Last week was tough. Marathon negotiating sessions in Europe are made no easier by their mangled use of the English language which seems to require the regular invention of new jargon to satisfy the complexities of the European Union.
When you hit phrases such as “it is in the landing zone” or “it is left in square brackets” coming through in translations, it takes a little while and a degree of guile to work out the first means “decided” and the second is “we are still arguing.”
However, as we now all know the politicians put enough into the landing zone to produce a political settlement on the next common agricultural policy (CAP) and the action moves closer to home with a large amount of devolved decision making.
I have this vision. It is a cartoon with a pile of stones in the centre and they are all marked. One has “coupled payments” written on it, another has ‘environmental policies” scribbled on its side, a third has a label stating “rate of change” and so on; each boulder representing a policy of the next CAP.
Observing this assortment of masonry and looking none too happy about it are a group of Scottish Government civil servants and politicians. They know they will have to construct a building out of the ruckle of stones.
And in the background a Scottish worthy is seen and the speech bubble from him asks, “are you going to mak a kirk or a mill oot o’ it?” and with all the flexibility devolved in the next CAP that is now the crux of the matter.
The gloomy looks on the faces of the civil servants shows they know they face a major task. The president of NFU Scotland remarked on this on his return from Europe where he had seen the tide flow towards more and more local decision making.
He feared meltdown in the civil service. Another observer commented that it would be akin to playing three dimensional chess which is a scary thought for me who struggles with the more common two dimensional game.
The problem for those working for the Scottish Government is, as I see it, two fold. One the one hand, they have a devilishly difficult piece of work to achieve in a tight timescale and on the other they may not have the numbers of people in place who are qualified to create such policies.
This will be largely new work for them as up till now they have been more concerned with policy implementation and, using a really inappropriate comparison, policy creation is a different kettle of fish altogether.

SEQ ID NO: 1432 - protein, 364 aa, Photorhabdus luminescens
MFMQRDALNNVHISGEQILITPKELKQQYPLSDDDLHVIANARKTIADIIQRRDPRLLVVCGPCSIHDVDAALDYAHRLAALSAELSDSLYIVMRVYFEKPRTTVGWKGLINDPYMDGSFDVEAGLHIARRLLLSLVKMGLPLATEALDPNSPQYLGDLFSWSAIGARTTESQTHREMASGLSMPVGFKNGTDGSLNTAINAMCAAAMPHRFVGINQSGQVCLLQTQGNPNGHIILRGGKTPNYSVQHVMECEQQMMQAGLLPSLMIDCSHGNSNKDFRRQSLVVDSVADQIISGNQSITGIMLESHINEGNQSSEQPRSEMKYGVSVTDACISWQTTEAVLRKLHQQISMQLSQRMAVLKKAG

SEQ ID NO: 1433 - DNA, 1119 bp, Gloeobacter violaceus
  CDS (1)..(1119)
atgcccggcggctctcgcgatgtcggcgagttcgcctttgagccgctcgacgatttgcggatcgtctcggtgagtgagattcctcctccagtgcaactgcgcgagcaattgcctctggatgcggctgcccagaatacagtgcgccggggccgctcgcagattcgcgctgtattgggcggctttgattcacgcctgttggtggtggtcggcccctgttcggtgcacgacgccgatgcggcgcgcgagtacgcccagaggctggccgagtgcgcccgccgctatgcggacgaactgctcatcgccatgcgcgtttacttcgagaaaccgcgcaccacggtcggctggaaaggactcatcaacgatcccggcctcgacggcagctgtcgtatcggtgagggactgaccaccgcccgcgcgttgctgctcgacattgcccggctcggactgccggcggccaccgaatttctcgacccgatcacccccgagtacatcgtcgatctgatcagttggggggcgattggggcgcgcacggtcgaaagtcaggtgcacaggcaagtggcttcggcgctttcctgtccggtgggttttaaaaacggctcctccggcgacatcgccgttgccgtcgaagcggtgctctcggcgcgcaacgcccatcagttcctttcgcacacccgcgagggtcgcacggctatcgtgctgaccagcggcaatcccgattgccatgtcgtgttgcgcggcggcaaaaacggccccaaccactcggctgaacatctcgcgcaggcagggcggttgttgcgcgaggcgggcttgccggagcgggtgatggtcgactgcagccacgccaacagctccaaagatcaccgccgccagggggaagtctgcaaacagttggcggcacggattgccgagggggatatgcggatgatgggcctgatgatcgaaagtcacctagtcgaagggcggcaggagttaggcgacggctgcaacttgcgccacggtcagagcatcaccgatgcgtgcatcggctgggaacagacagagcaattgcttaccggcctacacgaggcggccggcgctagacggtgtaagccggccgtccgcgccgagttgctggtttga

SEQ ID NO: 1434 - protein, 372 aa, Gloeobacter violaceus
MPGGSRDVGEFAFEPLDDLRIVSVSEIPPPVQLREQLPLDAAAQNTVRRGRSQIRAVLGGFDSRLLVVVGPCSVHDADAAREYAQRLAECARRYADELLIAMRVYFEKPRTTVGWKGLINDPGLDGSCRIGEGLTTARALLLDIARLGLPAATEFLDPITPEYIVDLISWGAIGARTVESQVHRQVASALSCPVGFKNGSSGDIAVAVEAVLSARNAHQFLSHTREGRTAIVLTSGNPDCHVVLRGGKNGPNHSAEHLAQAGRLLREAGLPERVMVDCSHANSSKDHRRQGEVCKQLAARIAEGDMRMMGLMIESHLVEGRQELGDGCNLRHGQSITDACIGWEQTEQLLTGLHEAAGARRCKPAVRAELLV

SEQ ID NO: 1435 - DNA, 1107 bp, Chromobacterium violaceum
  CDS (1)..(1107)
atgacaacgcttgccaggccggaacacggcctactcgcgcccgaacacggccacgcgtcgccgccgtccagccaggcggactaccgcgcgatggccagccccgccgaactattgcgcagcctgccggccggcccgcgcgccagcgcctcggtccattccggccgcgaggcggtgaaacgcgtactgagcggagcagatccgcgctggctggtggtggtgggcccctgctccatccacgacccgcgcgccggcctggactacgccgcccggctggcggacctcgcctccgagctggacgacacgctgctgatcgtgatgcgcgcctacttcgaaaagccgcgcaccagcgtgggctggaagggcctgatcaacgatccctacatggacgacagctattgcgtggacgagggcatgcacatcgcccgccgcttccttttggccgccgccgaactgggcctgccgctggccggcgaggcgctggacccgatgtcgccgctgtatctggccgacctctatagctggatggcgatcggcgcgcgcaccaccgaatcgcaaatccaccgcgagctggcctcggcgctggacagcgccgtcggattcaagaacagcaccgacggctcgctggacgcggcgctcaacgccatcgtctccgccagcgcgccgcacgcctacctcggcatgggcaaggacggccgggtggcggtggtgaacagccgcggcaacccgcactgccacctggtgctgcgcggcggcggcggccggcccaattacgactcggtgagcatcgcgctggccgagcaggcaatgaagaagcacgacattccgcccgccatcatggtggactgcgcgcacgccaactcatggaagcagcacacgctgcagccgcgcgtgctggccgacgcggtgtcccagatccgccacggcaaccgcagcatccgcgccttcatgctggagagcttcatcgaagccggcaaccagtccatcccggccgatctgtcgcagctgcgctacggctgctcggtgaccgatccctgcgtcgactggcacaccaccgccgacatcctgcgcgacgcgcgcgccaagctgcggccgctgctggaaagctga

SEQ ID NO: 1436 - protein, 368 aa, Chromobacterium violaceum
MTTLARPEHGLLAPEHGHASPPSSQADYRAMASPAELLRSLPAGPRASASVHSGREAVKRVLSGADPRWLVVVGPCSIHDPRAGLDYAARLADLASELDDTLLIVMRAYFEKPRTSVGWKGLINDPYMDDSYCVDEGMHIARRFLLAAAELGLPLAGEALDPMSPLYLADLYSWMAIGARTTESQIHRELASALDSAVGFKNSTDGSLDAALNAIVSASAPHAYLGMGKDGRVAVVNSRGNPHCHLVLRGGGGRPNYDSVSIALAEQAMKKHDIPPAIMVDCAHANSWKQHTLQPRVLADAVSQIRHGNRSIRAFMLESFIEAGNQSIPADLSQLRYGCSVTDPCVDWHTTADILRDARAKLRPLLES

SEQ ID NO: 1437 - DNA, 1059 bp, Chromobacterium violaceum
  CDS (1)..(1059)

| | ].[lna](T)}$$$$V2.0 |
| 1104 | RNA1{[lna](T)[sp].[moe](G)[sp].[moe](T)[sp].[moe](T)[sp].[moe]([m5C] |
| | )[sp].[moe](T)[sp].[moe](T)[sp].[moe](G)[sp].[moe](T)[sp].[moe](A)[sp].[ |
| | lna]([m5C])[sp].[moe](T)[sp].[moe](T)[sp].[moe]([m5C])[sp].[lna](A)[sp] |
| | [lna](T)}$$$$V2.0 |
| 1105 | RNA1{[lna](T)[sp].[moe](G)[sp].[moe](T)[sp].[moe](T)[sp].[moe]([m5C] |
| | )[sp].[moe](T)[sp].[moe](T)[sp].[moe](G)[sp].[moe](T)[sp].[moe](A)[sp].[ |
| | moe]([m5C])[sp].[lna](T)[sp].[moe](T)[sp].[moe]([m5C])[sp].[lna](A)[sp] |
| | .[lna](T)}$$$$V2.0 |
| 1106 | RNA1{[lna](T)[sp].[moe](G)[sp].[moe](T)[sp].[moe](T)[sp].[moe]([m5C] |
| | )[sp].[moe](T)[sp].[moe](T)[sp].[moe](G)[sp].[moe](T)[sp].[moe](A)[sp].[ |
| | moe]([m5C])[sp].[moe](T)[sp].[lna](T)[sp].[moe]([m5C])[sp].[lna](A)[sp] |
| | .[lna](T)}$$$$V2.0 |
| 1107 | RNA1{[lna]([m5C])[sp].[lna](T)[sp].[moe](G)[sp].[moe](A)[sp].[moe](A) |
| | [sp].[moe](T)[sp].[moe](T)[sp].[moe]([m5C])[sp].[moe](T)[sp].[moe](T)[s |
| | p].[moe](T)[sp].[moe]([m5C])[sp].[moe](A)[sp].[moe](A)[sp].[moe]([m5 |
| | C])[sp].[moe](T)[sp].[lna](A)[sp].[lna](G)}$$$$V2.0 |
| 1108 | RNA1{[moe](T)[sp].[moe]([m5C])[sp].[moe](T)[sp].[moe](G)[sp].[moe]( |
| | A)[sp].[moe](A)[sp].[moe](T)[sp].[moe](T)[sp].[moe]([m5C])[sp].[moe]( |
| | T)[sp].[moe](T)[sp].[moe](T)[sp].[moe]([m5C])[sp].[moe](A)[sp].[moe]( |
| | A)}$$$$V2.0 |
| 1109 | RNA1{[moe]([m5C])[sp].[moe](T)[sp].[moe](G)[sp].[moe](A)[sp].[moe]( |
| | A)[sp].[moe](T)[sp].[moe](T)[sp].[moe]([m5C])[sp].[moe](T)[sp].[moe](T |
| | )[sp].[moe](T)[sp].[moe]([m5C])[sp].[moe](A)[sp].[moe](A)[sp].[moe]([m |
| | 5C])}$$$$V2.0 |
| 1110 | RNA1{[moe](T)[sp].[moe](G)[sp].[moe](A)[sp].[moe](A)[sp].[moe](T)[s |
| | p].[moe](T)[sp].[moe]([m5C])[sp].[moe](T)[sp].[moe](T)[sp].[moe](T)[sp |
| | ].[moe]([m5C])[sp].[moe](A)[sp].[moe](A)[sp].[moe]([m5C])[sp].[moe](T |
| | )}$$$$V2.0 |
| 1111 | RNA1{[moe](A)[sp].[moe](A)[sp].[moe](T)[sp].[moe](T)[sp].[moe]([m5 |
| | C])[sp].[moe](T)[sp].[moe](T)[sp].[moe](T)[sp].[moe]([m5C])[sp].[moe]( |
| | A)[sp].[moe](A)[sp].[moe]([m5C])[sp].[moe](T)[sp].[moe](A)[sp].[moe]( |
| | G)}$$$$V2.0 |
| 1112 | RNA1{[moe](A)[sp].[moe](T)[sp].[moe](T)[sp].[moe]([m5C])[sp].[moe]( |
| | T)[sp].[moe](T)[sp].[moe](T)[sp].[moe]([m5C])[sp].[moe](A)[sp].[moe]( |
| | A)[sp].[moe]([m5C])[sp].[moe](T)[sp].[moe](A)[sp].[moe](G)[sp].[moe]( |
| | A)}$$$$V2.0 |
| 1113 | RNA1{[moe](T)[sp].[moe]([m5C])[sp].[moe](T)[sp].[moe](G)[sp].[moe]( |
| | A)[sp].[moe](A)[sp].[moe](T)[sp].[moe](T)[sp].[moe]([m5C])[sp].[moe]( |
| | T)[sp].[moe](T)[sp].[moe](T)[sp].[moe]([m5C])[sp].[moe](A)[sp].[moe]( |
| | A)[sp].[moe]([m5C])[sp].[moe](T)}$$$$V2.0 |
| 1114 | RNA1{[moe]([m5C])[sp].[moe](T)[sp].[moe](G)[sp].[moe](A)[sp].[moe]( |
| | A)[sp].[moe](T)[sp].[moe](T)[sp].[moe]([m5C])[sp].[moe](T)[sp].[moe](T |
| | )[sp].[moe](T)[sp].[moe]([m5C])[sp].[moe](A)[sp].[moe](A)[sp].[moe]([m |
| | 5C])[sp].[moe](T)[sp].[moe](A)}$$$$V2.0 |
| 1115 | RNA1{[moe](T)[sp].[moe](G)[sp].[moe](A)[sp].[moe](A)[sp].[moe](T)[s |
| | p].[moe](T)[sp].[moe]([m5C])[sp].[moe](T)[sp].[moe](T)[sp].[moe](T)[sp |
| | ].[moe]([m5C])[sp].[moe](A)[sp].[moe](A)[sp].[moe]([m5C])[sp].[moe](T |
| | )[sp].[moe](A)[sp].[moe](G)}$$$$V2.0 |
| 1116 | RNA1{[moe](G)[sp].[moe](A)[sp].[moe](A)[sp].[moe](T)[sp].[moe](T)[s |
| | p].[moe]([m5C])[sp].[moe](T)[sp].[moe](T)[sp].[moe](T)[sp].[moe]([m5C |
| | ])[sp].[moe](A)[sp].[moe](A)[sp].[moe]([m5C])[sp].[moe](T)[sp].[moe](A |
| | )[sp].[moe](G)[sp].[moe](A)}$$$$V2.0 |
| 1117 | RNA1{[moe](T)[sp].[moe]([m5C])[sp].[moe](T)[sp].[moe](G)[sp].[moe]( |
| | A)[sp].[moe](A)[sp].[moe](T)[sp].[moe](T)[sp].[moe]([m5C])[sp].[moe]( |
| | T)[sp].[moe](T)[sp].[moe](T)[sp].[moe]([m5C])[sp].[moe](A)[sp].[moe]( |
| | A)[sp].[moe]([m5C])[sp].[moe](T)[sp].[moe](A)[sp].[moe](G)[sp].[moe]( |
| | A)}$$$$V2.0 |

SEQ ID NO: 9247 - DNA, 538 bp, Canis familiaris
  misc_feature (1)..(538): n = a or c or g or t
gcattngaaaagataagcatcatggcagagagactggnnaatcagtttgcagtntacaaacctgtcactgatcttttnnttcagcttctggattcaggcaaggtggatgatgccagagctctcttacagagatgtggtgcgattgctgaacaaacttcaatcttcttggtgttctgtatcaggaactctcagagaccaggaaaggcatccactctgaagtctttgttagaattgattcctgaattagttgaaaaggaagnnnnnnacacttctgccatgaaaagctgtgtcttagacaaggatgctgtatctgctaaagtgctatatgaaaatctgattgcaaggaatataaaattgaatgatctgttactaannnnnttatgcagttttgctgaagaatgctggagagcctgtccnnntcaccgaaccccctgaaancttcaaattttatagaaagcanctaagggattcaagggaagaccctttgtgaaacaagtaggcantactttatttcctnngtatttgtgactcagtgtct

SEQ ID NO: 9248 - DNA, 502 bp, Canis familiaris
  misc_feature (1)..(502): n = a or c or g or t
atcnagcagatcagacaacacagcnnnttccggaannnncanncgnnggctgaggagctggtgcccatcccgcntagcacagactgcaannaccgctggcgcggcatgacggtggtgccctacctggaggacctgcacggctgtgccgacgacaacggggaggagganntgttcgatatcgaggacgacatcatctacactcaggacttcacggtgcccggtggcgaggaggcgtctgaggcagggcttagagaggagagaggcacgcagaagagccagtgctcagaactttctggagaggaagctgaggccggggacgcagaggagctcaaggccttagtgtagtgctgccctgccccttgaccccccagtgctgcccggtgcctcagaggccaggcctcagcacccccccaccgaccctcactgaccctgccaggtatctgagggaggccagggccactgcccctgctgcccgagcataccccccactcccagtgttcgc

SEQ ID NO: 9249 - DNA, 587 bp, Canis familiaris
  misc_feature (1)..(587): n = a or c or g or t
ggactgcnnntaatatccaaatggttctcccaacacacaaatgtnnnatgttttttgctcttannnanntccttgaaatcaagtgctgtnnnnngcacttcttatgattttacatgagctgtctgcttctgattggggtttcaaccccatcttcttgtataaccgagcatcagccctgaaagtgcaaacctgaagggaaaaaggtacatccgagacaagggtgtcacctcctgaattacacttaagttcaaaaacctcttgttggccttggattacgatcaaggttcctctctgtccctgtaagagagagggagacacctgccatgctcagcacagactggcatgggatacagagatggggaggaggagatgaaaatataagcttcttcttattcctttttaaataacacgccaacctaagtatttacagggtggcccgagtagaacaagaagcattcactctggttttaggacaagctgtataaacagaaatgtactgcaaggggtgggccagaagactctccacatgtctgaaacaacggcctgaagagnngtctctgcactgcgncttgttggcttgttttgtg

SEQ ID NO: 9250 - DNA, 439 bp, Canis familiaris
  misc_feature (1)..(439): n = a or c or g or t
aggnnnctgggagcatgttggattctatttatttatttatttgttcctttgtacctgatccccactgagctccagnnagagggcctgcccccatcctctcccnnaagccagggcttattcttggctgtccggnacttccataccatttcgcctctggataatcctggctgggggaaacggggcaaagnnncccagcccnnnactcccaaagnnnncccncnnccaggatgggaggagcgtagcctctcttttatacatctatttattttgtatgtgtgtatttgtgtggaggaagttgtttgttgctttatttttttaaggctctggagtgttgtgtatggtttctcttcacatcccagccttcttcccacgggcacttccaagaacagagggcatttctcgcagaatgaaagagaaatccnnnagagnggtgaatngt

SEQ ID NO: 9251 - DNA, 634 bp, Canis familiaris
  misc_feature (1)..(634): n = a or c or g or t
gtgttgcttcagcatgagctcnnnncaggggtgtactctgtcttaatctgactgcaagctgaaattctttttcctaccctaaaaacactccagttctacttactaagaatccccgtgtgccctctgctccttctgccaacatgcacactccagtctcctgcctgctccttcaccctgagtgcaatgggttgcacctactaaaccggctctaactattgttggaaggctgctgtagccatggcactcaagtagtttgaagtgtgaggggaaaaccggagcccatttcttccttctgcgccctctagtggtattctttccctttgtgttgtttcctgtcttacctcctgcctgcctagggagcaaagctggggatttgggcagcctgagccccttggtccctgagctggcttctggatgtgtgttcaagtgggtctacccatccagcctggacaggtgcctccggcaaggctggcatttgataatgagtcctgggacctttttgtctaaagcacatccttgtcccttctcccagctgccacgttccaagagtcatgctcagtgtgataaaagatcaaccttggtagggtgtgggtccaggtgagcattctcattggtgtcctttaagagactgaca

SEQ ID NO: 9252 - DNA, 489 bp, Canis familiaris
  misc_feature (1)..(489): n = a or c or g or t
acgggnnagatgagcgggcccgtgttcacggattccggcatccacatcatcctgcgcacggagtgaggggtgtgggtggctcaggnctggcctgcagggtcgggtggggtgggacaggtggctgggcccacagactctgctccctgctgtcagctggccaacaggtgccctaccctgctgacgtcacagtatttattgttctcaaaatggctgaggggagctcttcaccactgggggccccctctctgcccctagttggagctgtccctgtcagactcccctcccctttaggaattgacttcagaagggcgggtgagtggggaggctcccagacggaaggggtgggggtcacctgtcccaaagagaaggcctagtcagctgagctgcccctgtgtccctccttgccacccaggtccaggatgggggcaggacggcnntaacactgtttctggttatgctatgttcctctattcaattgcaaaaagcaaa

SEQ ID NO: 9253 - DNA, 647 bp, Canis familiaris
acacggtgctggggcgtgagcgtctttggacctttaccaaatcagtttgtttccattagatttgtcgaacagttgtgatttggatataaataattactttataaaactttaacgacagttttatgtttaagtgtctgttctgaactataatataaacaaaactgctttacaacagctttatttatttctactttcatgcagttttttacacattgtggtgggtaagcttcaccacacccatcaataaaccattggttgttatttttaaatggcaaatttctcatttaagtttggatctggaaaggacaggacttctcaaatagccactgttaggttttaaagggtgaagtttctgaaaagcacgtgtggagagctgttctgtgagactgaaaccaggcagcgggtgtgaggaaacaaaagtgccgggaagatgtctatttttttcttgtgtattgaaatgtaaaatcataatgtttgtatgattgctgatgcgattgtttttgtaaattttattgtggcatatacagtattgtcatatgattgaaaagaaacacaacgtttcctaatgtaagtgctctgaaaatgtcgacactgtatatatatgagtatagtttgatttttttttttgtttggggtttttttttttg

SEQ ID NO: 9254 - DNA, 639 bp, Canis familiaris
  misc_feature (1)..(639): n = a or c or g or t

The politicians looking on in the same cartoon will be ultimately responsible for how and where they lay the stones making up the new building or CAP. Publicly they may welcome the devolved decision making but privately they had possibly hoped the decisions would be made elsewhere, leaving them in the glorious position of complaining about anything and everything that did not suit.
No doubt, they will still be able to generate a major moan over the reduced amount of money in the next CAP. Grandly, they will say: “We would have put more money in and made it bigger and better.”
They will also, and with some justification, moan that the CAP building in Scotland should be relatively bigger than it currently is within the UK. In fact this very point has been made but the farmers in the south – ie the English NFU – quickly made it clear they were not going to let a Scottish raiding party come down and loot their CAP.
The politicians will have a great deal of advice on how to put the Scottish CAP edifice together. In fact, they are already being inundated with various templates for it.
Farming organisations such as the NFU are obviously putting forward the view that the structure should be more of a food producing mill as food security and food production and exports will become increasingly important.
Even this approach has its pitfalls as one of the believed cornerstones of such a policy, “coupling support”, does not, according to a poll in a trade paper, have industry support.
Meanwhile environmental bodies such as the Royal Society for the Protection of Birds would like so see the Scottish Government’s CAP building blocks turned into a place of environmental worship with little song birds flying in and out of the church spire.
My view is that it will end up resembling neither a church nor a mill but in the best euro fashion a fudge between the two.